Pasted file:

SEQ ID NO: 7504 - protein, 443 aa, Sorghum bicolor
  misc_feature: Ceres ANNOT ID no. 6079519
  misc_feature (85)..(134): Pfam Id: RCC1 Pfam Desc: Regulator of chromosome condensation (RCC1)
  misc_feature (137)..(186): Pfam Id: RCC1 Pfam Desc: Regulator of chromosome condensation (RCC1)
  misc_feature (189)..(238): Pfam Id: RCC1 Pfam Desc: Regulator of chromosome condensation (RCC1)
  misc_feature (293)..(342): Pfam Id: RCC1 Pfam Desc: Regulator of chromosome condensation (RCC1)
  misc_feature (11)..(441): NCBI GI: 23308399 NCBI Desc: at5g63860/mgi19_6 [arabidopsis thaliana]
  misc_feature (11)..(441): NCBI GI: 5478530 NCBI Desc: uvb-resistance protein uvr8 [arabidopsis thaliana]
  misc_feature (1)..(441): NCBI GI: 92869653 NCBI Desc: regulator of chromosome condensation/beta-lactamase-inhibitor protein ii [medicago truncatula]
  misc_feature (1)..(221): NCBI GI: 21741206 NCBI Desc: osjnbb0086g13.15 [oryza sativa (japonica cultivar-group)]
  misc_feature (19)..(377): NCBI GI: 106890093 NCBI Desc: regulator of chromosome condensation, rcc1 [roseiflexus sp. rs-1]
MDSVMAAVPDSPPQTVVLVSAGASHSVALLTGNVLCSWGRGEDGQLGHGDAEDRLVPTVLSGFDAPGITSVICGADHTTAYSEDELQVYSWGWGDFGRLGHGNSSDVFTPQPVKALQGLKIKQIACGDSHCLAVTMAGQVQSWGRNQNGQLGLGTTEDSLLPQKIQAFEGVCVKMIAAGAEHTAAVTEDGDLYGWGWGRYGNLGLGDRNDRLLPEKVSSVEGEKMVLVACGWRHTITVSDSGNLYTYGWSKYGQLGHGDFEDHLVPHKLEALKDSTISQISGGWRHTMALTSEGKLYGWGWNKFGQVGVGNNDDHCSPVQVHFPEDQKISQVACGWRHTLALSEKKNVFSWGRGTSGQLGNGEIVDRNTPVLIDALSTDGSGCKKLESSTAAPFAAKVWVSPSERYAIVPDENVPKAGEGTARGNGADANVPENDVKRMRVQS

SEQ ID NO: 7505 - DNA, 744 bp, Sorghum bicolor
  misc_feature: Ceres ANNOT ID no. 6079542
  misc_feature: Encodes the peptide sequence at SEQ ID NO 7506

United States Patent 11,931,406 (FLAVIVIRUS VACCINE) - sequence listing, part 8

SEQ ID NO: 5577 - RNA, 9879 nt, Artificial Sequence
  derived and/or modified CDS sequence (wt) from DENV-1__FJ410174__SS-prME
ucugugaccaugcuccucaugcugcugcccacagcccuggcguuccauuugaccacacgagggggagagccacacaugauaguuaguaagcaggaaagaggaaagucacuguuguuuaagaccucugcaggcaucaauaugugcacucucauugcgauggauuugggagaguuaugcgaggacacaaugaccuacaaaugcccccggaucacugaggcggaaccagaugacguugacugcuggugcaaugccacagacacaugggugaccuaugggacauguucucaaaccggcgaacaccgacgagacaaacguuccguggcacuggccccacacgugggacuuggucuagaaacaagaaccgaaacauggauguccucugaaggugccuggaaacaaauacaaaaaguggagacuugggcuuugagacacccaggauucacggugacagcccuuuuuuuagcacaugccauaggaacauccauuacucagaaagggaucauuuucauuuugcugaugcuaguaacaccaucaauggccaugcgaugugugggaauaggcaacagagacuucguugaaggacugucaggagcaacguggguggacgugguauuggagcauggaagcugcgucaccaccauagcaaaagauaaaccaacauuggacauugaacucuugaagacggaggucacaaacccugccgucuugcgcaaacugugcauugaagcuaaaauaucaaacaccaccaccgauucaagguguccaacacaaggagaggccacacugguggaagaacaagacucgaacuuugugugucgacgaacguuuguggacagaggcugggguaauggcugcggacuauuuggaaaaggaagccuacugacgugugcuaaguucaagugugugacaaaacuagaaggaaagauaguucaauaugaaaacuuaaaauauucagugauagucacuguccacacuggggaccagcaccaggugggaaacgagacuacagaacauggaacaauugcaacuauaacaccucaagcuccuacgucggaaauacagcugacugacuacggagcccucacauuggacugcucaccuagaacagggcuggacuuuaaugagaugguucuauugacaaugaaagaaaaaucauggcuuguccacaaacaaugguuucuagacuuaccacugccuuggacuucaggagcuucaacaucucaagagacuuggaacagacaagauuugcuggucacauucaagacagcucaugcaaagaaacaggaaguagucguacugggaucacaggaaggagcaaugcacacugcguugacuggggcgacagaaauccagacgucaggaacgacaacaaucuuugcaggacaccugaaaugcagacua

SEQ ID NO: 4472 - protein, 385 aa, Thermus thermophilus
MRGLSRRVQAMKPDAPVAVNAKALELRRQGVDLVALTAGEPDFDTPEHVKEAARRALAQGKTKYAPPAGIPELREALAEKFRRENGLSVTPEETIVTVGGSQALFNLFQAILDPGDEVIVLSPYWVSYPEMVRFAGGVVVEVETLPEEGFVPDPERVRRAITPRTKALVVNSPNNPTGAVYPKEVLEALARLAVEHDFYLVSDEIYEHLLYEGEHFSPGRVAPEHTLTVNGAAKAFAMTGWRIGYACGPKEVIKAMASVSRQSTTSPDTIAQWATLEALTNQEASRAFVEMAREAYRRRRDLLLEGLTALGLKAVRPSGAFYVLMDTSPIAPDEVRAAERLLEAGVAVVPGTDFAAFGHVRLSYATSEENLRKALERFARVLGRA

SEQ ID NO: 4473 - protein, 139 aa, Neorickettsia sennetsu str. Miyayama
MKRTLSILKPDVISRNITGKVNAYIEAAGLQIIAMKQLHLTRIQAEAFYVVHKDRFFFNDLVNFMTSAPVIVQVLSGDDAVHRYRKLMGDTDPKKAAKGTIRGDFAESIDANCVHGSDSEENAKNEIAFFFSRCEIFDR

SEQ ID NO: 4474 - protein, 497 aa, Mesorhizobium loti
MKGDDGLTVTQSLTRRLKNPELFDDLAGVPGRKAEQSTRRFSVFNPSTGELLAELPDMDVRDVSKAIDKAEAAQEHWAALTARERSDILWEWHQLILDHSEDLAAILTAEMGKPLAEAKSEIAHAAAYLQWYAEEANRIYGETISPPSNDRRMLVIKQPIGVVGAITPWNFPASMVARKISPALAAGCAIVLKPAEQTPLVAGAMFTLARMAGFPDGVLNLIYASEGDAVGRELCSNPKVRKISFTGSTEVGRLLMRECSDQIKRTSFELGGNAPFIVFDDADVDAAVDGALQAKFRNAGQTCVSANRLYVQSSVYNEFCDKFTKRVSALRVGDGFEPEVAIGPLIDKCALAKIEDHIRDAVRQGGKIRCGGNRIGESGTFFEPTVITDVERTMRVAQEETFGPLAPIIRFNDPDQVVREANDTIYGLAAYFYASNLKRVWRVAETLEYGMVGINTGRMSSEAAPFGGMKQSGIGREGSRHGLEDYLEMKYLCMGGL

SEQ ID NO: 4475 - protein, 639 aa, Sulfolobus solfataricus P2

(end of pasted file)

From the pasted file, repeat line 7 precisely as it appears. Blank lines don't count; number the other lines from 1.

  misc_feature (11)..(441): NCBI GI: 23308399 NCBI Desc: at5g63860/mgi19_6 [arabidopsis thaliana]